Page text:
Matthew 17:14 When they came to the crowd, a man approached Jesus and knelt before him. 15 “Lord, have mercy on my son,” he said. “He has seizures and is suffering greatly. He often falls into the fire or into the water. 16 I brought him to your disciples, but they could not heal him.” 17 “O unbelieving and perverse generation,” Jesus replied, “how long shall I stay with you? How long shall I put up with you? Bring the boy here to me.” 18 Jesus rebuked the demon, and it came out of the boy, and he was healed from that moment.
19 Then the disciples came to Jesus in private and asked, “Why couldn’t we drive it out?” 20 He replied, “Because you have so little faith. I tell you the truth, if you have faith as a mustard seed, you can say to this mountain, ‘Move from here to there’ and it will move. Nothing will be impossible for you.

In this incident Jesus is clearly disappointed with the disciples’ failure to cast out the demon. He clearly expected them to succeed. He had already given them and seventy-two others authority to heal the sick and cast out demons:

Luke 9:1 When Jesus had called the Twelve together, he gave them power and authority to drive out all demons and to cure diseases, 2 and he sent them out to preach the kingdom of God and to heal the sick. …6 So they set out and went from village to village, preaching the gospel and healing people everywhere.

Luke 10:1 After this the Lord appointed seventy-two others and sent them two by two ahead of him to every town and place where he was about to go. …9 Heal the sick who are there and tell them, ‘The kingdom of God is near you.’ 17 The seventy-two returned with joy and said, “Lord, even the demons submit to us in your name.”

Not only had he given them the authority to do it, he had personally trained them by demonstrating to them how it was done as he went about healing the sick and casting out demons in the course of his ministry. His expectation was that now they could take on part of the burden of the ministry. But the demon would not submit to the disciples. And so he himself took over (“Bring the boy here to me”) and got the job done, healing the boy with dispatch. Then he proceeded to teach the disciples why they had failed. They needed to develop mountain-moving faith if they wanted to do the miraculous works that they had seen him do. Eventually they did, and the rest of the gospels and especially the Book of Acts record that they did in fact succeed in doing the works that Jesus himself did.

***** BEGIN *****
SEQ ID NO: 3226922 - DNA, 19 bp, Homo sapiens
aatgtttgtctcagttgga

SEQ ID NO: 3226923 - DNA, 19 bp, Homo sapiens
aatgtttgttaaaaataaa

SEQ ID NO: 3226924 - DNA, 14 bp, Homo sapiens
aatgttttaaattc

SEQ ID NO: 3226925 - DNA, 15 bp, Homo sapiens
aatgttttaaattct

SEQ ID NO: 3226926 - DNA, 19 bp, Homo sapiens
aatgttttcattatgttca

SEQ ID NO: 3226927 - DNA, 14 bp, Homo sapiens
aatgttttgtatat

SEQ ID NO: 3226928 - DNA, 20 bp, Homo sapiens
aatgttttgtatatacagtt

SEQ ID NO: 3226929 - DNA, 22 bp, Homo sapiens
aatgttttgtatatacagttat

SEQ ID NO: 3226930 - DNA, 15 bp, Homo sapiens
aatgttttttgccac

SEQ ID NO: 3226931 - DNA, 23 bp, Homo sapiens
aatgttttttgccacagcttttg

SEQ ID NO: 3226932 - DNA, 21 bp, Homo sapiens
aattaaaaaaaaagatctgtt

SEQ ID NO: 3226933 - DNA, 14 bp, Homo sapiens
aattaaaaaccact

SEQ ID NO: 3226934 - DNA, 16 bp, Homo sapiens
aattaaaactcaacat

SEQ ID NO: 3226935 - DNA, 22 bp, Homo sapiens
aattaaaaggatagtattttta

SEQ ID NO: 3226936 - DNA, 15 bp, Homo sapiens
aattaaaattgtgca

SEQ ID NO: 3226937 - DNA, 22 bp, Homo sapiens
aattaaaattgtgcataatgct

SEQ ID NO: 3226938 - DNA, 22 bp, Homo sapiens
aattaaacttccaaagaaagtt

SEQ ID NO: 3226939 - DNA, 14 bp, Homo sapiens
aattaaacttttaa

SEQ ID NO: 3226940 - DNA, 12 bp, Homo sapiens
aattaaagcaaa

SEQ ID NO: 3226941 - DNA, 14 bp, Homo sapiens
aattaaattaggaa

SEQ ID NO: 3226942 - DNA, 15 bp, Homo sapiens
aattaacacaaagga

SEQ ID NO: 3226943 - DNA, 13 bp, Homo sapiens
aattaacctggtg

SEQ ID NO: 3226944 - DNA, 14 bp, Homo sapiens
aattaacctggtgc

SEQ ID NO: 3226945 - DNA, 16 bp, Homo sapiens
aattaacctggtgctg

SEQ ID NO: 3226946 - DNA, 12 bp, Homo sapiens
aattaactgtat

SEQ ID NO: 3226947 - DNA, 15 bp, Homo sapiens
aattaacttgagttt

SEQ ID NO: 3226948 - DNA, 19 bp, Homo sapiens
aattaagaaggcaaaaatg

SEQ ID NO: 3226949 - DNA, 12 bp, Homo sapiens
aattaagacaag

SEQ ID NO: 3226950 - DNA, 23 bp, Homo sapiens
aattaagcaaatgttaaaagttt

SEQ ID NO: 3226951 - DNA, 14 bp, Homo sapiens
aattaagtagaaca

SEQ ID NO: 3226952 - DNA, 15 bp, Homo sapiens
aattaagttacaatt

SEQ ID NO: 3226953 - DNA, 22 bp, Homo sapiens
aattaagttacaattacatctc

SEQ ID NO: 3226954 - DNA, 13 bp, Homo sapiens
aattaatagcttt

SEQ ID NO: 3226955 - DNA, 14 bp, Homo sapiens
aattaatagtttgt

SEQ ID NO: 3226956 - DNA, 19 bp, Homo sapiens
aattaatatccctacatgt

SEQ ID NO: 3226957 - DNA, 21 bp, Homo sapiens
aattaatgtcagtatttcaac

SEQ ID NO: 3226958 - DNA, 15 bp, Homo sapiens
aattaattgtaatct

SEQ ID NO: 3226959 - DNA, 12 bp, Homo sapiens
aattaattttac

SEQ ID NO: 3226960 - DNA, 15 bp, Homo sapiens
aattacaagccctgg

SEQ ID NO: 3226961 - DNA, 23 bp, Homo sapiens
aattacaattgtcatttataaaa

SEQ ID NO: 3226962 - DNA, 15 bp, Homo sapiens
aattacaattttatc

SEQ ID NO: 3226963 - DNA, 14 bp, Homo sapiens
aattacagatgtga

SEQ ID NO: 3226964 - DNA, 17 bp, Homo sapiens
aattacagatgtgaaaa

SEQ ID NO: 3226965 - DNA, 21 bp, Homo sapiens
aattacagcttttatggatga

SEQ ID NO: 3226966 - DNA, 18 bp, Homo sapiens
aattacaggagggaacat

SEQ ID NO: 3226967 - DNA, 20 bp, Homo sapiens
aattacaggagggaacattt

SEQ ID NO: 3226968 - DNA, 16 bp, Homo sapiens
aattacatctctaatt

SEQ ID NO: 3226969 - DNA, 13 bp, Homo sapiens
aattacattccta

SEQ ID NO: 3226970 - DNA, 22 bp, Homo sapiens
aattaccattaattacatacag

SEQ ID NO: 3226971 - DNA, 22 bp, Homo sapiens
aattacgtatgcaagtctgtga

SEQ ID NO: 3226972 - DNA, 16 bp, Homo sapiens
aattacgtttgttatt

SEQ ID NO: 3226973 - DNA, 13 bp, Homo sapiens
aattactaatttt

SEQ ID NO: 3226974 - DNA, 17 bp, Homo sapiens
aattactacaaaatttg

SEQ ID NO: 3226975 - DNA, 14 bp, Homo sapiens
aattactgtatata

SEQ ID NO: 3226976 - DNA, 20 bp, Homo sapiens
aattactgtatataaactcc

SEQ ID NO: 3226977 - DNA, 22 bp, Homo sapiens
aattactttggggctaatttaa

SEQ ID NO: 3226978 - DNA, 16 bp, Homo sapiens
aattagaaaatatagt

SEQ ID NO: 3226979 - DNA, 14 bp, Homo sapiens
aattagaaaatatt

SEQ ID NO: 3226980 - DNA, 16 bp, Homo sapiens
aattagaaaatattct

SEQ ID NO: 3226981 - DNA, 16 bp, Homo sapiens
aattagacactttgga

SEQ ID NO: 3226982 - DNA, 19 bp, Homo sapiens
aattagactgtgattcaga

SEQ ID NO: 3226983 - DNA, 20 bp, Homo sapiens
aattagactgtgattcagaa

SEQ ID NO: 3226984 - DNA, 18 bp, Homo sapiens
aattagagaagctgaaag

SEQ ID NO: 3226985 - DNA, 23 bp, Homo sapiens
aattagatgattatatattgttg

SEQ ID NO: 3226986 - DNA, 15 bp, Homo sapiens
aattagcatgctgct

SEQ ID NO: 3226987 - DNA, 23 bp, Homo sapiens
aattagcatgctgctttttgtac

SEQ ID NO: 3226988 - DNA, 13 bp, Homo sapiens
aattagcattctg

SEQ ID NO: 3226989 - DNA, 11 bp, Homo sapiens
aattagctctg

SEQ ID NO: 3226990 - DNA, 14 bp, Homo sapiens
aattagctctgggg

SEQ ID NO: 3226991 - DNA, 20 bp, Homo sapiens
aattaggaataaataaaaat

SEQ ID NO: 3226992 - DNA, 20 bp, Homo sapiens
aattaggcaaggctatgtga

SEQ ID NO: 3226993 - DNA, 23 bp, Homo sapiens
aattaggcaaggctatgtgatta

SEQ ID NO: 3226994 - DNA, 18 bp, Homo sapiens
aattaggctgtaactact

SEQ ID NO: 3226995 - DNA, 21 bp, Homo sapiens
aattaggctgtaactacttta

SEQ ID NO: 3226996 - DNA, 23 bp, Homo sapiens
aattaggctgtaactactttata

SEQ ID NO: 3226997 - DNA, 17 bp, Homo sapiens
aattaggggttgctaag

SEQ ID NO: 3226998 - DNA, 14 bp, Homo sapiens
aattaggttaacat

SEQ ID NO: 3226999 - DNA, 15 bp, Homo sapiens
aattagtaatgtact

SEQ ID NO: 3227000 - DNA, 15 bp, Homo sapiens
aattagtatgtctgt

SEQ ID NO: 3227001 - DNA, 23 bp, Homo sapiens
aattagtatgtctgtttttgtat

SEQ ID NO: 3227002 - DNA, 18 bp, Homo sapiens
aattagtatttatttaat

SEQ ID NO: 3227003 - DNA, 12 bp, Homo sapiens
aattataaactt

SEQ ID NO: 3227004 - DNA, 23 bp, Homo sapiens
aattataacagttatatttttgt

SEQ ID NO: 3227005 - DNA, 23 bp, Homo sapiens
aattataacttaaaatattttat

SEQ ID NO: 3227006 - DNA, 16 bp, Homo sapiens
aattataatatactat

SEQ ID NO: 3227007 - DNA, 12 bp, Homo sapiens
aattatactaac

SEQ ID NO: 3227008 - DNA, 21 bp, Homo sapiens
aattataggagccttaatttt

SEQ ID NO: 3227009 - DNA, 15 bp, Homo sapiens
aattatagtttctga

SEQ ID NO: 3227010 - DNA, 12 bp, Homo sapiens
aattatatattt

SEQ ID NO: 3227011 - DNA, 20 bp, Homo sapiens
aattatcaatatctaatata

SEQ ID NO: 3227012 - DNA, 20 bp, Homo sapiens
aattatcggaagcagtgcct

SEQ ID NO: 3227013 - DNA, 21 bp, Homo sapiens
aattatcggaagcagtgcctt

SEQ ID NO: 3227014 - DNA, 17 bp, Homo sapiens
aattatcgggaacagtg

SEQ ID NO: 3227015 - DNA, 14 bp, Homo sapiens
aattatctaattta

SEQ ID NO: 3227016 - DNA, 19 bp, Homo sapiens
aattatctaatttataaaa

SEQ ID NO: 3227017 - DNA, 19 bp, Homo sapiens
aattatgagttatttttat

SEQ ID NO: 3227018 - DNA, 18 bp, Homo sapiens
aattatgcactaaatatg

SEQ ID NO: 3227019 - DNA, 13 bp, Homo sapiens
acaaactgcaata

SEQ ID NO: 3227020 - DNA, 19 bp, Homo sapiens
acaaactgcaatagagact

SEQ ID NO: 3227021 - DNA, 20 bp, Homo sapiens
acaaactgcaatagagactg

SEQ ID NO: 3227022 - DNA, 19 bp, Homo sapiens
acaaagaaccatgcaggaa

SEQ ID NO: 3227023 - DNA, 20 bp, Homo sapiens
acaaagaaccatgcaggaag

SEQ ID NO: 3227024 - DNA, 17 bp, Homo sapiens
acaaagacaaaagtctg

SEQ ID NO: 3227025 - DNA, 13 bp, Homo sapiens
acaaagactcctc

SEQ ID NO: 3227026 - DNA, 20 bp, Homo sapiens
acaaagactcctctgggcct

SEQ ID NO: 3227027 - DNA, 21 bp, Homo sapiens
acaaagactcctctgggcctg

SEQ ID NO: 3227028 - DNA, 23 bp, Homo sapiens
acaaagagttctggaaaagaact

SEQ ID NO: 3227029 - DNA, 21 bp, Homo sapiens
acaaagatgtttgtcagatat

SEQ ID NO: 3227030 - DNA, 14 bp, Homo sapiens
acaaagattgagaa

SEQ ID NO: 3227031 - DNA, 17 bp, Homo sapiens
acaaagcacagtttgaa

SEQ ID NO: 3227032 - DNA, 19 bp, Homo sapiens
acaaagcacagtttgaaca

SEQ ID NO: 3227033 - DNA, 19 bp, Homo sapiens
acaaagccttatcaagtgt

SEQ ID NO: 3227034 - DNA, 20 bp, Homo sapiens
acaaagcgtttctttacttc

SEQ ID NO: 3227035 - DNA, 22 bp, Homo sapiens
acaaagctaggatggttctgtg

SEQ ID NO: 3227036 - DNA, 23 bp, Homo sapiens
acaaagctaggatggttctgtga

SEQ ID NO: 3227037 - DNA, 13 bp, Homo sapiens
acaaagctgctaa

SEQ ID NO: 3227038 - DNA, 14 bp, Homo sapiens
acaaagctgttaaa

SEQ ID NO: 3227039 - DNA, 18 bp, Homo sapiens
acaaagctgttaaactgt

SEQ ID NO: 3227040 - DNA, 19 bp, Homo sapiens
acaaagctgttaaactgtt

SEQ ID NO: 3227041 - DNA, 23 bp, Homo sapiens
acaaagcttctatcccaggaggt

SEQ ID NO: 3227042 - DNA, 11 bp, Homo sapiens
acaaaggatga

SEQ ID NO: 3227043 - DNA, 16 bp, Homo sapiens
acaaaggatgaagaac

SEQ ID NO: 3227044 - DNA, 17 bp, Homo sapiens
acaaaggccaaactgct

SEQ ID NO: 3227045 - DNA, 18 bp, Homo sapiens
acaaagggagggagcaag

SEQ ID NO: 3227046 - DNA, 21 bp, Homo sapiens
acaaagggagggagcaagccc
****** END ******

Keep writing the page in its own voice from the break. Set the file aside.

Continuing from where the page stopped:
We can learn something important here concerning how the Lord heals the sick. Jesus is now no longer on earth, and he has commissioned his disciples to perform this ministry in his name. This is his preferred way of healing the sick. Of course we may pray for the sick, but Christ has in fact given us a measure of his authority to actually heal the sick in his name, not just to pray for them.

Sometimes, like the disciples in the account of Matthew 17 above, we appear to “fail” for some reason or another, perhaps because we lack understanding of how to minister with mountain-moving faith. Then the Lord might very well show up, essentially saying “get out of the way, bring the boy here to me,” and we witness a manifestation of power for healing or deliverance that is beyond our faith. The person stands before us healed and delivered.

So we see at least two ways in which the Lord heals. Scripture appears to teach that he would prefer us to do it in his name according to our mountain-moving faith. But at times, for some reason or another, he may simply show up. Perhaps he really wants the job to be done and knows that our mountain-moving faith is not quite as strong as it should be. And so he says, “get out of my way, let me do it!” When he does this, the miracle happens almost easily, without much faith or effort on our part. His name is glorified. But we ought not to expect that the Lord will always “show up” in this way. When he does, we certainly welcome it and rejoice because we will witness very powerful miracles. But it is generally his preferred will to use us and the authority he has entrusted to us to get the job done.

As we persevere in using this authority over disease and demons, we will grow in power and effectiveness in healing the sick. We will become more and more like him, not only in character, but also in power as well.

We are soldiers of Christ, and he is our commander-in-chief. He calls us into his army, trains us, equips us with weapons superior to anything the enemy has—specifically, authority for us to heal the sick and cast out demons—and then sends us out to do the works for him and in his name. He has completed the work that the Father sent him to do. Now it is our turn to complete the work that he began. He sits at the right hand of the Father in heaven above; he commands and directs us. On the other hand, we are on the battlefield, we are engaged in firefights with the enemy, we are destroying the works of the enemy, we are preaching the gospel and savings souls, we are healing the sick, and we are casting out demons in his name. And sometimes when we falter, he may graciously “leave the throne room in heaven” so to speak and “show up” on the battlefield and himself get the job done. He works through the Holy Spirit in different ways.